Edmund H. Lutz
Lieutenant Colonel, United States Air Force
Pampa Man Buried in Arlington Cemetery
12 November 2008
Courtesy of The Pampa (Texas) News
A Pampa man with a distinguished military history was recently buried in Arlington National Cemetery.
Lieutenant Colonel Edmund H. Lutz, who died on May 3, 2008, was buried in July. He flew more than 30 missions over Germany and France as a Lieutenant Colonel in the U.S. Army Air Corps.
Lutz came to Pampa in 1943 to train at the Army Air Corps Advanced Flying School at Pampa Army Air Force Base. He met his wife, Betty Jean Tiemann at an Army dance reception in Pampa, and they wed later the same year.
Betty and Edmund had known each other only five weeks, but they decided to wed before Edmund departed for Europe to fight in World War II. Betty purchased a wedding dress, and the couple approached the base chaplain about their marriage. The chaplain questioned Edmund, asking him how long they couple had known each other. When he replied, “five weeks,” the chaplain said he would not perform the ceremony since they had not known each other long enough. The couple was determined and boarded a train to another town, approached a Methodist minister about the marriage, and the minister agreed to the marriage service, even without Betty wearing her dress.
Edmund distinguished himself in service with the Air Medal with three Oak Leaf Clusters, two Bronze Stars and a Distinguished Flying Cross. He flew a B-17 during the war, and after the war, he worked as a test pilot on B-24s and b-29s.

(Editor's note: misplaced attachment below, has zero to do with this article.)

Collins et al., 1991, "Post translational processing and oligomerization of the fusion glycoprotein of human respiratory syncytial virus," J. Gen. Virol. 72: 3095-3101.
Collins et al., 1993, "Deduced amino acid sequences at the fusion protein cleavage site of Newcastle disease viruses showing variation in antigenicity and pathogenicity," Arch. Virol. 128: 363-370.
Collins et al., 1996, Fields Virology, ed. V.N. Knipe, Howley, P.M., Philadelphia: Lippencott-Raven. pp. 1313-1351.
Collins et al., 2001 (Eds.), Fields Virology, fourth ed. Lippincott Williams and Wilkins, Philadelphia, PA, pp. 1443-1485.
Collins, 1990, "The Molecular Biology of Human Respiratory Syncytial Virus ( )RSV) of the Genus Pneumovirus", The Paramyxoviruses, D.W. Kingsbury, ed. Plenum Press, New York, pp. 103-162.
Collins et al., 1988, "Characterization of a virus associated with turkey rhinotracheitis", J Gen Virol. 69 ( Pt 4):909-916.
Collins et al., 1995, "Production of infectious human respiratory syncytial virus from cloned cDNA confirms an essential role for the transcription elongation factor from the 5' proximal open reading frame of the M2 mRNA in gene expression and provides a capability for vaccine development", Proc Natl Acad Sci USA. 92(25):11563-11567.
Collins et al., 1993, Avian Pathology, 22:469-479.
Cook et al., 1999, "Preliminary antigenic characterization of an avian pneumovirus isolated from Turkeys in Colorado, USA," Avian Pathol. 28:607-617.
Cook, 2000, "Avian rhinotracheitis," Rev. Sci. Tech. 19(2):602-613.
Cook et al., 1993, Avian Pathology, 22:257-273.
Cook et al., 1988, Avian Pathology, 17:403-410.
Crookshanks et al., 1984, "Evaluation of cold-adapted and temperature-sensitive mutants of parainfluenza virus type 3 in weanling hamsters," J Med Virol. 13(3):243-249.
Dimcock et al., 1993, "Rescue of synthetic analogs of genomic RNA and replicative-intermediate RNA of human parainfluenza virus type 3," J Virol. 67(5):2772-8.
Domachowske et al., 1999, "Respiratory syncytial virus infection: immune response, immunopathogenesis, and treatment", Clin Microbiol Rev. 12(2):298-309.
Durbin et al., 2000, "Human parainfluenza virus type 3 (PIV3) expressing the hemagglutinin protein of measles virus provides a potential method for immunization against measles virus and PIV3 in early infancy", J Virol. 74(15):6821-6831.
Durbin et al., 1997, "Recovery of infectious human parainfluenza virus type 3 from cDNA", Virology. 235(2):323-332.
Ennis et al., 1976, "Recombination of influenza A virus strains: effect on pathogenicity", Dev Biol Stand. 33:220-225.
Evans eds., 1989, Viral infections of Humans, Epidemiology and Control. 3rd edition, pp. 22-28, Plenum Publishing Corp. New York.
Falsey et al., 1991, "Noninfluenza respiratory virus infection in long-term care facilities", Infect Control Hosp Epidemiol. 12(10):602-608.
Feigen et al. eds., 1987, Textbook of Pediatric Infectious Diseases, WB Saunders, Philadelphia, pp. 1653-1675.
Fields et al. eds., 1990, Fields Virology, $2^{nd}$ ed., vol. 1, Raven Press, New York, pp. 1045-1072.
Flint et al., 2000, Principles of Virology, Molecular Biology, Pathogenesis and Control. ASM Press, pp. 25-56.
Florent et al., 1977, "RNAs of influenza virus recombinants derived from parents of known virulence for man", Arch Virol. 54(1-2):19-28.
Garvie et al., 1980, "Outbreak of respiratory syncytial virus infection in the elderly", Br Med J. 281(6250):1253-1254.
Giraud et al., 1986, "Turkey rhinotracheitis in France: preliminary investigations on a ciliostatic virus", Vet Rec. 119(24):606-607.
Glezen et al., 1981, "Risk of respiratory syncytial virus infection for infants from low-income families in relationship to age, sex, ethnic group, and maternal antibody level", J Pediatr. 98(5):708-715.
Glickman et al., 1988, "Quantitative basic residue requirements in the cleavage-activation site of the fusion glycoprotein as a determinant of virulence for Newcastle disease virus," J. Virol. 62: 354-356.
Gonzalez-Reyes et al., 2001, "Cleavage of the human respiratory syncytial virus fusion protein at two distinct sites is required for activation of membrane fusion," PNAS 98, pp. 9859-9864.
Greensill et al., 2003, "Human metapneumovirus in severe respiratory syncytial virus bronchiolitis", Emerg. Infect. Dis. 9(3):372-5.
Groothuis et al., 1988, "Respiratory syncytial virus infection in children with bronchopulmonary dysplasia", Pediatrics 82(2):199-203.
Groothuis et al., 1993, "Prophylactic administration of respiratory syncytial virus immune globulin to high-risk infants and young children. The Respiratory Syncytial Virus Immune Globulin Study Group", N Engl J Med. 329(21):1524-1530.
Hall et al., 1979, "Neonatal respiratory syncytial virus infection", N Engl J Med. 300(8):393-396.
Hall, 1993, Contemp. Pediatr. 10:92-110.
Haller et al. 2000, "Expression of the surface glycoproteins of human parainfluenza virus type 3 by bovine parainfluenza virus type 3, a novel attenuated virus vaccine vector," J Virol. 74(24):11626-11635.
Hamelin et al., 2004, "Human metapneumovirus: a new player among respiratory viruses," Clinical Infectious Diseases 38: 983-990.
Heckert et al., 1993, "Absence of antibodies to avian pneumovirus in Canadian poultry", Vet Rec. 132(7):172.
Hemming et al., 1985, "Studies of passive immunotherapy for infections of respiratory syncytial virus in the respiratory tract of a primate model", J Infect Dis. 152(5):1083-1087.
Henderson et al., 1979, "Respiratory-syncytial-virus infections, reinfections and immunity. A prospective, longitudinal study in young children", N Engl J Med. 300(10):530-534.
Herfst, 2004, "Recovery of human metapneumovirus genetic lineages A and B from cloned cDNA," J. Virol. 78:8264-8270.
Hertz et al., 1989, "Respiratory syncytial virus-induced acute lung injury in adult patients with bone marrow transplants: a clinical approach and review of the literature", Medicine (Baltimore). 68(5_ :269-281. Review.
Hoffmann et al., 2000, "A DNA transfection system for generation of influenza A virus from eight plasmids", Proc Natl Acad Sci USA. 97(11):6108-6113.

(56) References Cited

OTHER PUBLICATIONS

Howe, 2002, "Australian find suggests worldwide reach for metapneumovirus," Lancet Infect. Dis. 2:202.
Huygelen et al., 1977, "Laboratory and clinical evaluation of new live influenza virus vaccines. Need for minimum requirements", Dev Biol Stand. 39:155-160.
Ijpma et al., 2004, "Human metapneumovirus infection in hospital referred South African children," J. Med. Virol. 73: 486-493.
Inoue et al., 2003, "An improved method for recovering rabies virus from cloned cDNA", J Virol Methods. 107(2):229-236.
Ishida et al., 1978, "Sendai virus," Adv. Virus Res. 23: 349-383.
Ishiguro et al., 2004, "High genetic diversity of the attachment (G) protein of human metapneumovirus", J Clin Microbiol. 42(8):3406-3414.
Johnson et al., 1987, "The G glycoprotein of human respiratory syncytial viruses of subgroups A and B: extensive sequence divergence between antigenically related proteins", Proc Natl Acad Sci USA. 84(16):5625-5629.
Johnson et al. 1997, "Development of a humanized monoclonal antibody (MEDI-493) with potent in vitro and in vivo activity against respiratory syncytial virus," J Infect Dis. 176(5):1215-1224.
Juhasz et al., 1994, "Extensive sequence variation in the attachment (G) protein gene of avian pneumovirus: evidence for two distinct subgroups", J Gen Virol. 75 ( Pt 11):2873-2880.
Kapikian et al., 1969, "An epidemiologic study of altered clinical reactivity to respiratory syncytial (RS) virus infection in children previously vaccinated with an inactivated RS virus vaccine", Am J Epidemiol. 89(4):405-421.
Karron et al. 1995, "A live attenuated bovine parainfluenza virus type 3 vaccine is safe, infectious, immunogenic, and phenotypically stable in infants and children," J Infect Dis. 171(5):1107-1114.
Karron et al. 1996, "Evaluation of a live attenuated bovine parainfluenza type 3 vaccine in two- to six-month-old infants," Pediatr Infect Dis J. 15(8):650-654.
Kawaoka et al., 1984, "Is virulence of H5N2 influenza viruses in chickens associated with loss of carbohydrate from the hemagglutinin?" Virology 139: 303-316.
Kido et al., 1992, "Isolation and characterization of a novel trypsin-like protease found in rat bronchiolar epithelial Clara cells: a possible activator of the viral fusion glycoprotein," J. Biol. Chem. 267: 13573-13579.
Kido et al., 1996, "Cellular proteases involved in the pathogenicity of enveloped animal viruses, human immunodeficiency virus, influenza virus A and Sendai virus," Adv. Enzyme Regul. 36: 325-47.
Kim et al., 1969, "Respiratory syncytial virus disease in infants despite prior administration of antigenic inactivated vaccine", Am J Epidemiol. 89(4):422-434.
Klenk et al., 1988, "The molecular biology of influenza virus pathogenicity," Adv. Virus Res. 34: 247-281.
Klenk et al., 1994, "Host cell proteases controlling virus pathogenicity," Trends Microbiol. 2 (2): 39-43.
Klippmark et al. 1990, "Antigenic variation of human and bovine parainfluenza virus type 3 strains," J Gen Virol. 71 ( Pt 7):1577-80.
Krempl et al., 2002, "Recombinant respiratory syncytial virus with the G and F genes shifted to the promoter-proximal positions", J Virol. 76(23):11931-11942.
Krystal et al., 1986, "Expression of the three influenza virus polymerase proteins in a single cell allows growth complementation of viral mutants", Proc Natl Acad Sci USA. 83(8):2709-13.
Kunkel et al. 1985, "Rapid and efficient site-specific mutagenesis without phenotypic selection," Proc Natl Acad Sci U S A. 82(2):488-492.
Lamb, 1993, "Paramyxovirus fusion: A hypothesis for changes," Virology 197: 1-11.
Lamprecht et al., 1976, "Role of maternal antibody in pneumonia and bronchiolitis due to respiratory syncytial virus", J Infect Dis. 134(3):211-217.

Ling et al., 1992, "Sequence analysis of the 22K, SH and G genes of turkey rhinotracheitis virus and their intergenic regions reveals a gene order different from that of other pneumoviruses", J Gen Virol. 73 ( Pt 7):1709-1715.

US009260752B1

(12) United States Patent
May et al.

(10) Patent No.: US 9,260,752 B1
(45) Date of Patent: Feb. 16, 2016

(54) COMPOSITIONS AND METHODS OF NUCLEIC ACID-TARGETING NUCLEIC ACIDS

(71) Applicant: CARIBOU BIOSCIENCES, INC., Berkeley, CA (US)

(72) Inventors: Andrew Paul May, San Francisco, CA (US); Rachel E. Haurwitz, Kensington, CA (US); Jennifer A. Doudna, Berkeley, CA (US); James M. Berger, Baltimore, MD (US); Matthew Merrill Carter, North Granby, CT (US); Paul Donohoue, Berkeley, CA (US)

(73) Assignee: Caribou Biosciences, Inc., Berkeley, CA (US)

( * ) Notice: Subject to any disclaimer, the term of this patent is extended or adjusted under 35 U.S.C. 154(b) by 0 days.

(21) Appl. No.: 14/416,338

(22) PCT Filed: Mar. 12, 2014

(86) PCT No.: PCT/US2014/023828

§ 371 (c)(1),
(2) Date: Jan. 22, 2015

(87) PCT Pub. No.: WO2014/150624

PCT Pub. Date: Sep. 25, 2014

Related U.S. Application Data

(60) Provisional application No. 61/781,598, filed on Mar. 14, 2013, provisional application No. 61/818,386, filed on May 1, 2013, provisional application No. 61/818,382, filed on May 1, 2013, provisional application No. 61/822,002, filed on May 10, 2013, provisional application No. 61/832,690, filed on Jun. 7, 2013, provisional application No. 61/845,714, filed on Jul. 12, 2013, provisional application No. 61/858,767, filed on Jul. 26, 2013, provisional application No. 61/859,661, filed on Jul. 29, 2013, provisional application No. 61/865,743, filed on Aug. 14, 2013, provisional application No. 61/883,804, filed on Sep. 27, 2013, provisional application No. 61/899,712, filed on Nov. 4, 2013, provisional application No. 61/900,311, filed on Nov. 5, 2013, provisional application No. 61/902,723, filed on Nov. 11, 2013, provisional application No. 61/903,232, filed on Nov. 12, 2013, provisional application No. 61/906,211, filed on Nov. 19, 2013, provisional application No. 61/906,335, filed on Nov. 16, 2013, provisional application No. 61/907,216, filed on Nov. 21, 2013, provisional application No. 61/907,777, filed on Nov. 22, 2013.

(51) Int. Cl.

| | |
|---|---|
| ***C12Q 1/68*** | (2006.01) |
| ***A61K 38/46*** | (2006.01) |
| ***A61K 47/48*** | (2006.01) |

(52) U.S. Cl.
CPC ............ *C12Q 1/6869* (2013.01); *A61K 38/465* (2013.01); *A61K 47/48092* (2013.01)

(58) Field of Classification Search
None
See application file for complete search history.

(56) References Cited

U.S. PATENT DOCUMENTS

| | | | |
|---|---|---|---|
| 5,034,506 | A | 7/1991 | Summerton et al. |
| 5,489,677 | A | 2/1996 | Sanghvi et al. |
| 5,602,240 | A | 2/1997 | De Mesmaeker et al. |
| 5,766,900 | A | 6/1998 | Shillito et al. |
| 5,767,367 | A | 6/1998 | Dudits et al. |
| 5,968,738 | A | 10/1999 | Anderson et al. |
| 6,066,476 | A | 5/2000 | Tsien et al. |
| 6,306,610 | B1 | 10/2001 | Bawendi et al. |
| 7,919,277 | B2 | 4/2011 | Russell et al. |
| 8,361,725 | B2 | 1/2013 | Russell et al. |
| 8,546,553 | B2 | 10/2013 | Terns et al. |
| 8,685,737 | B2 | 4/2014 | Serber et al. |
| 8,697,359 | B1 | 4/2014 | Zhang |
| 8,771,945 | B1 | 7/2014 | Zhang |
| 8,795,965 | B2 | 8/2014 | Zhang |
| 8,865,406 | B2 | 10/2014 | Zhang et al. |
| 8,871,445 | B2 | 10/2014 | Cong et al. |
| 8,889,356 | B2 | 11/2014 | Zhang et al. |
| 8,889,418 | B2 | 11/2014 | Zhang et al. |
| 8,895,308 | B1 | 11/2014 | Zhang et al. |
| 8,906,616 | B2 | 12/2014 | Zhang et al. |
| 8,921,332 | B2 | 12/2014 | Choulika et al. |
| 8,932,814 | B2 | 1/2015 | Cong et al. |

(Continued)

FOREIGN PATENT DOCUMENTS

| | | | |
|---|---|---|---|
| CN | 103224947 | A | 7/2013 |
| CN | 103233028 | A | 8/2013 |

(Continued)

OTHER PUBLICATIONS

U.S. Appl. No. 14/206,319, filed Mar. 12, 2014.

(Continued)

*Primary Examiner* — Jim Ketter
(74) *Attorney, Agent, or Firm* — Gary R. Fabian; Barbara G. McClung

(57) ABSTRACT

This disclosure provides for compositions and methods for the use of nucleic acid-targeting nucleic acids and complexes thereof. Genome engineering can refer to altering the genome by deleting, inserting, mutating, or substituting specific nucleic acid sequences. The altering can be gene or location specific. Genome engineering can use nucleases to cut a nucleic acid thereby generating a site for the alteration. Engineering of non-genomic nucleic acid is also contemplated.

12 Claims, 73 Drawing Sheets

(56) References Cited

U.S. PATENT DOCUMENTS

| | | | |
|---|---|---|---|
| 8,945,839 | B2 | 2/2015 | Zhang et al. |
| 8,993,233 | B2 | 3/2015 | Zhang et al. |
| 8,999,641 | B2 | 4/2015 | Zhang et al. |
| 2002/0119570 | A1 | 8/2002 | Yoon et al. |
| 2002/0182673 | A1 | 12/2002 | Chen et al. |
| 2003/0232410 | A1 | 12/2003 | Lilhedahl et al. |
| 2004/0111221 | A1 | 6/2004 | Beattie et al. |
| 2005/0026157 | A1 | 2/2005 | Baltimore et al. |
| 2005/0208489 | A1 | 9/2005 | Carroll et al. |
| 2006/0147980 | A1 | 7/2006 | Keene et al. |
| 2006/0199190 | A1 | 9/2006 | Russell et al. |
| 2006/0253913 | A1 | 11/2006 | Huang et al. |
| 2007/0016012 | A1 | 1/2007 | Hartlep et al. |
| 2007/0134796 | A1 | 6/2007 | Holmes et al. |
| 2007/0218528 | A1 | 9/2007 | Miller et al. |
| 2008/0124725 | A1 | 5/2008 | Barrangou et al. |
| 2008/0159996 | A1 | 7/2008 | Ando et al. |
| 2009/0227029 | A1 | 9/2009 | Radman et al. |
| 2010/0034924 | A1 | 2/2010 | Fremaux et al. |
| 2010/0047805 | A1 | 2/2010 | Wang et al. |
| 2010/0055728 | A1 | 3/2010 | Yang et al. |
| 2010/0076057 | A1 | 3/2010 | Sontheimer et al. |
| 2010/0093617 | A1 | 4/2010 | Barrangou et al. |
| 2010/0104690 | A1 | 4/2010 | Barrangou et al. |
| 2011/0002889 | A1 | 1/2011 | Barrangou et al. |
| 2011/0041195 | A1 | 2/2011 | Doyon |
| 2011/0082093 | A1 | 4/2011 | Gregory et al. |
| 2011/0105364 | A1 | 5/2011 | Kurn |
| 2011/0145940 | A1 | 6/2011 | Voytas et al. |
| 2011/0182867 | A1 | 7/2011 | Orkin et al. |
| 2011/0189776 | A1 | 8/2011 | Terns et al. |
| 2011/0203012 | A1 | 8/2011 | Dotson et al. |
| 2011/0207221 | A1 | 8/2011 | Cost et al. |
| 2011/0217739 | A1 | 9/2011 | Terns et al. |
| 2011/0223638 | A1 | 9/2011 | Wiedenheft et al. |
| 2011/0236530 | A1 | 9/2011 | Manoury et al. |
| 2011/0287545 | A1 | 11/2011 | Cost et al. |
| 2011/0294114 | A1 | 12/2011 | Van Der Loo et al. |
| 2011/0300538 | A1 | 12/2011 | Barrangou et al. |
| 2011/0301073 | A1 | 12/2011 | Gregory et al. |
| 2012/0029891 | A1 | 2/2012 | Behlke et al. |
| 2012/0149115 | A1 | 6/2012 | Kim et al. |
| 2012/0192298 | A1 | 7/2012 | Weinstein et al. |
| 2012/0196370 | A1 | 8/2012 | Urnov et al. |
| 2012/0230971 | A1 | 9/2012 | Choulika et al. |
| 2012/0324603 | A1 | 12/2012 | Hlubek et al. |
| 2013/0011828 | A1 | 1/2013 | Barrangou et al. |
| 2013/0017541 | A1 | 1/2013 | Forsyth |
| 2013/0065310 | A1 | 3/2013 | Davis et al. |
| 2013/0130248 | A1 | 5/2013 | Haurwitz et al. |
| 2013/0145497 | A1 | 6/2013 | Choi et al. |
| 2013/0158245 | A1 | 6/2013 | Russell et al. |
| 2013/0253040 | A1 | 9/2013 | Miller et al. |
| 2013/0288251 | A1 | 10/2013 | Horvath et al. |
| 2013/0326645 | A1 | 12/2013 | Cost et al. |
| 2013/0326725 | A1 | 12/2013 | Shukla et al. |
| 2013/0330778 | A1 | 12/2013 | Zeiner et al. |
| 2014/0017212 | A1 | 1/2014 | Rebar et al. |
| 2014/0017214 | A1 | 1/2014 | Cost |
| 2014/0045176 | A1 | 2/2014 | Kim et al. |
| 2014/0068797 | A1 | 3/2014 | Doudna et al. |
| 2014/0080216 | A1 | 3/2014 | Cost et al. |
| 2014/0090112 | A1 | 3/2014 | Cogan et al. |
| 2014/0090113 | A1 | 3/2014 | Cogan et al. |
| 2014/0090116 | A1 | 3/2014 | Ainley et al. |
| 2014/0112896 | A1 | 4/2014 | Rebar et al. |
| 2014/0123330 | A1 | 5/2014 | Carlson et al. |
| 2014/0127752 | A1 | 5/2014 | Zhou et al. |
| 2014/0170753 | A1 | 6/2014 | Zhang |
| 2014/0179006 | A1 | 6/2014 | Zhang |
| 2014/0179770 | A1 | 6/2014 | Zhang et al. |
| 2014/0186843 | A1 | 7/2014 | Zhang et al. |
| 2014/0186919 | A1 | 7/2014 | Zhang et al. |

Betty remembers some of Edward's adventures in flying over France on D-Day. Ed started off “flying tail-end Charlie,” (last place in the squadron) and eventually moved up to flying the head of the “Flying Fortress” of B-17s.
The couple moved from Flordia to Ohio, where they retired.
“I liked Texas and he liked Cleveland,” Betty explained.
Edmund received an education at Case Westeren Reserve University, where he graduated from in 1951. He had a 30 year career as a staff member of the Cleveland Museum of Art, and also did some work as their designer.
He received 39 international printing awards by the time of his retirement.
Colonel Lutz's burial included a service in the Fort Myer Chapel, one of the oldest in the nation, where he received full honors with a ceremony of 65 Honor Guards from Bolling Air Fore Base in Washington, D.C. All four of Edmund and Betty's daughters were in attendence. One expressed her admiration for her father during his eulogy saying , “he was a good thinker, a kind man, a good person. And in being an ordinary man, he was an extraordinary human being.”
LUTZ, EDMUND H
Posted: 15 November 2008